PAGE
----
Gant Software Systems

Small Business Advice

Book Review: Start Small, Stay Small

A Developer's Guide To Launching A Startup

Every so often, a book comes along that exceeds my expectations (not going to bury the lede here, this book absolutely gets a 5 star review). This one is certainly in that category. Start Small, Stay Small is an excellent guide to getting a product-based business going as a software developer. From the outset, Rob Walling doesn’t make the assumption that you have a large amount of money from investors or that you are playing the start-up lottery. This book is about building a sustainable business one step at a time, usually while working a full time job.

Your Value Is Not Your Profession

One thing that separates successful career programmers from those with a bit…less success (we won’t call it failure, because it usually doesn’t manifest as abject failure, but rather as stunted potential) is their ability to figure out their value to the people who are retaining their services. Regardless of what that job posting says, what the recruiters tell you (more on this in a minute), or what you’d like to hear, you are NOT ever hired into a position simply to write code. You are hired to solve a problem that someone has, with the expectation that your solving of said problem presents an advantage greater than that provided by simply keeping (or using elsewhere) the money required to hire you. It’s a simple thing that is missed fairly frequently when discussions of programmer salaries come up, as well as when programmers sit and complain about the messes they deal with at their jobs. It also happens in just about every other industry. I’ve had similar discussions with people in other industries. The fitness industry, for instance, is loaded with people who live under the belief that the fitness program they are selling is actually the reason they have clients, instead of what the clients are actually there for, such as losing weight, gaining muscle, just the feeling of accomplishment and pushing past obstacles, etc. The dividing line between the successful ones in that industry and those who are unsuccessful is also remarkably similar, in that the latter fail to line up their offerings with what their customers are actually buying, versus what they think they are selling.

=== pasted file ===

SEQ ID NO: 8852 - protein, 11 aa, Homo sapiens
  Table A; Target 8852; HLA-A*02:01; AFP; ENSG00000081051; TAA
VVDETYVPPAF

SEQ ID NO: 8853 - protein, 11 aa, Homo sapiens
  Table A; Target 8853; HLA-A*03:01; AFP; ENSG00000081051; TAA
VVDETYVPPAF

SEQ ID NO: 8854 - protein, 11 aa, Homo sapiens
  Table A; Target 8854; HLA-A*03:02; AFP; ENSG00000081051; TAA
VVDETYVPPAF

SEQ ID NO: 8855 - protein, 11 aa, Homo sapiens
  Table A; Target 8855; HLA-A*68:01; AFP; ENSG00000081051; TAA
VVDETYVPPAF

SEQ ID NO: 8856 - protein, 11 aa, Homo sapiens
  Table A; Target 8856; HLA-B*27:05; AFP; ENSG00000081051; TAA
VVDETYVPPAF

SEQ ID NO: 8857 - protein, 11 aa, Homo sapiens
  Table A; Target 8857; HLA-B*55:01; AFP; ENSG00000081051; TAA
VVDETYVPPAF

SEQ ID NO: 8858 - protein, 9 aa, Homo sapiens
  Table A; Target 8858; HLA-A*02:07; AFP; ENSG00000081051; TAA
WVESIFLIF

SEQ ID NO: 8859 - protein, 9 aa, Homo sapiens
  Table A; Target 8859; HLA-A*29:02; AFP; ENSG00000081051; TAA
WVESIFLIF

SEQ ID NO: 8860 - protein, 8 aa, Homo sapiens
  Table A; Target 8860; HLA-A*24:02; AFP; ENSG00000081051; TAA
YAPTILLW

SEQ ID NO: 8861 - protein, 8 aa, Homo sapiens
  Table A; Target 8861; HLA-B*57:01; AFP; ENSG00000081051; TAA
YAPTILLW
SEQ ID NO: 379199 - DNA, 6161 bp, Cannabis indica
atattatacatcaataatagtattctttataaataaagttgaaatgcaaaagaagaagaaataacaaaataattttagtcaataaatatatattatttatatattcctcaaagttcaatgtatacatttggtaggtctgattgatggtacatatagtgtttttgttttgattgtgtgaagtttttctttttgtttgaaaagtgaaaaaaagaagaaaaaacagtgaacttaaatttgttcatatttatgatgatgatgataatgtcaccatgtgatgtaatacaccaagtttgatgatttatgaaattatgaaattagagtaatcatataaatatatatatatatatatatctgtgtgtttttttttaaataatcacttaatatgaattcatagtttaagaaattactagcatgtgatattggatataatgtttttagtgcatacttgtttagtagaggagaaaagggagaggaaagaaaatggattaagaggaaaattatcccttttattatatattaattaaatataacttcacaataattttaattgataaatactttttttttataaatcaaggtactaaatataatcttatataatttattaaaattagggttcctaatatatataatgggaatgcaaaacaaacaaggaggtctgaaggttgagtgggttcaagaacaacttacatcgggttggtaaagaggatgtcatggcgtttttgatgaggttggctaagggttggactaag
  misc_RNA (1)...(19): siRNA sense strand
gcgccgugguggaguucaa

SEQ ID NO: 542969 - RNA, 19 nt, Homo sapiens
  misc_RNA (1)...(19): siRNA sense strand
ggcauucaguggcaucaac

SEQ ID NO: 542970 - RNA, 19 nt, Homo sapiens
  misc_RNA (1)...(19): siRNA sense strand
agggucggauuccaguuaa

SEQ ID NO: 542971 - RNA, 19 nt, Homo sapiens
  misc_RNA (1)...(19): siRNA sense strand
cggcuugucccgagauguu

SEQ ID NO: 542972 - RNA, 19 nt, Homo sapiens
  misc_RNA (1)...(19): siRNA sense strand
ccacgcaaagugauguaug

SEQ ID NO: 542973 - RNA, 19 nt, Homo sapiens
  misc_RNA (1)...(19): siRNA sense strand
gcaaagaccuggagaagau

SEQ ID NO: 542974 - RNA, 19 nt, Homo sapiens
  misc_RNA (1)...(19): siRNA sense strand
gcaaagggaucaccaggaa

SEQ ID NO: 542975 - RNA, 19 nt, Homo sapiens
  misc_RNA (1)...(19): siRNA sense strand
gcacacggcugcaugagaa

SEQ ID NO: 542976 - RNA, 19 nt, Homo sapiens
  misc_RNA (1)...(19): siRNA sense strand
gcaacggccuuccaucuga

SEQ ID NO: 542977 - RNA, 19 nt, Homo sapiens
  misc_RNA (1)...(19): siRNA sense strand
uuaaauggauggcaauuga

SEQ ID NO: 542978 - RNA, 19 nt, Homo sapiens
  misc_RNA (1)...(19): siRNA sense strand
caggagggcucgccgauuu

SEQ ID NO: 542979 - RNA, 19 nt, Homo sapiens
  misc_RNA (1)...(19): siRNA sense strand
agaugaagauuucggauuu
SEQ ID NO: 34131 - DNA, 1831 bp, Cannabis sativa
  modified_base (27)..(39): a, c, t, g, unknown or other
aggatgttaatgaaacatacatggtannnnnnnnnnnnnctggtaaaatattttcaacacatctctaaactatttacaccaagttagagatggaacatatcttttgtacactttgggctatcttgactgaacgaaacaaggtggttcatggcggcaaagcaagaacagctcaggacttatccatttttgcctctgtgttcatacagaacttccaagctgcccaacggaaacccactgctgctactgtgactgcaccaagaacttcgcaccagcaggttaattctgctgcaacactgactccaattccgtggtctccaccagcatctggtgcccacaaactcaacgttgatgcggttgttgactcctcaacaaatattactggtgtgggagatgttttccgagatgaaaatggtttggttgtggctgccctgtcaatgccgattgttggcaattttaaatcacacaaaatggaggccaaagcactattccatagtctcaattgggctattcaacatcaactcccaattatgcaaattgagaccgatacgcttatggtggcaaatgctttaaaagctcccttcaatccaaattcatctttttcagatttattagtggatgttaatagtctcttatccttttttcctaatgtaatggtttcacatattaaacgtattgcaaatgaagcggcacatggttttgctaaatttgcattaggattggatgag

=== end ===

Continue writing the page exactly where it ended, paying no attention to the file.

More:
10 Ways to Unintentionally Screw Your Clients

Contract software developers have to deal with a lot of issues, especially if they are honest. There are loads of scam artists out there who can’t code particularly well, but will throw an application together for a client quickly, often disappearing shortly afterward. I’ve cleaned up lots of code from that sort and it’s a headache. This article wasn’t really written for that sort of developer, however, as I believe it’s very easy to accidentally screw a client over, even when one is otherwise trustworthy and honest, simply because you don’t think through all the implications of what you are doing. Here are ten ways I’ve seen developers screw their clients, without intending to do so. This is aimed more at solo developers, although a number of these points could apply to larger companies as well.

The Rant Is Overdue

Probably at least once every couple of weeks, I get into (sometimes heated) discussions with other software developers about their careers. I see so much helplessness, so much hopelessness, and so much dependence on others and it’s all entirely unnecessary.

So, it’s time I said some things that need saying. It’s time to smash some ugly, easy lies so that beautiful, subtle (and often difficult) truths can flourish. It’s time for me to have THE TALK with you (no, not that one, this one). It’s time for me to tell you why you are absolutely nuts as a software developer not to be making progress towards self-employment. After more than a decade in this industry, I can tell you that the best time to have gotten in business for yourself is five years ago. The second best time is right now. Below are some very good reasons. It may sound like I’m bashing employers; I’m not. It’s just that their concerns and yours are increasingly not intersecting. As a consultant, that is fact number one in your mind; as an employee, it should be, but is easily ignored until it can’t be ignored.

The Anna Karenina Principle in Software Development Environments

All healthy companies are much alike; all dysfunctional ones are dysfunctional in their own way. For instance, every healthy company I’ve worked at has fairly consistently spent time and effort to make sure their employees are appreciated and productive. They’ve spent time involving the employees in the process, giving them workable goals to progress towards, and generally making sure that their people are taken care of so that they can take care of the company. And while such stability is laudable and makes the places fun to work, if you really want the good war stories, you have to work at a dysfunctional place.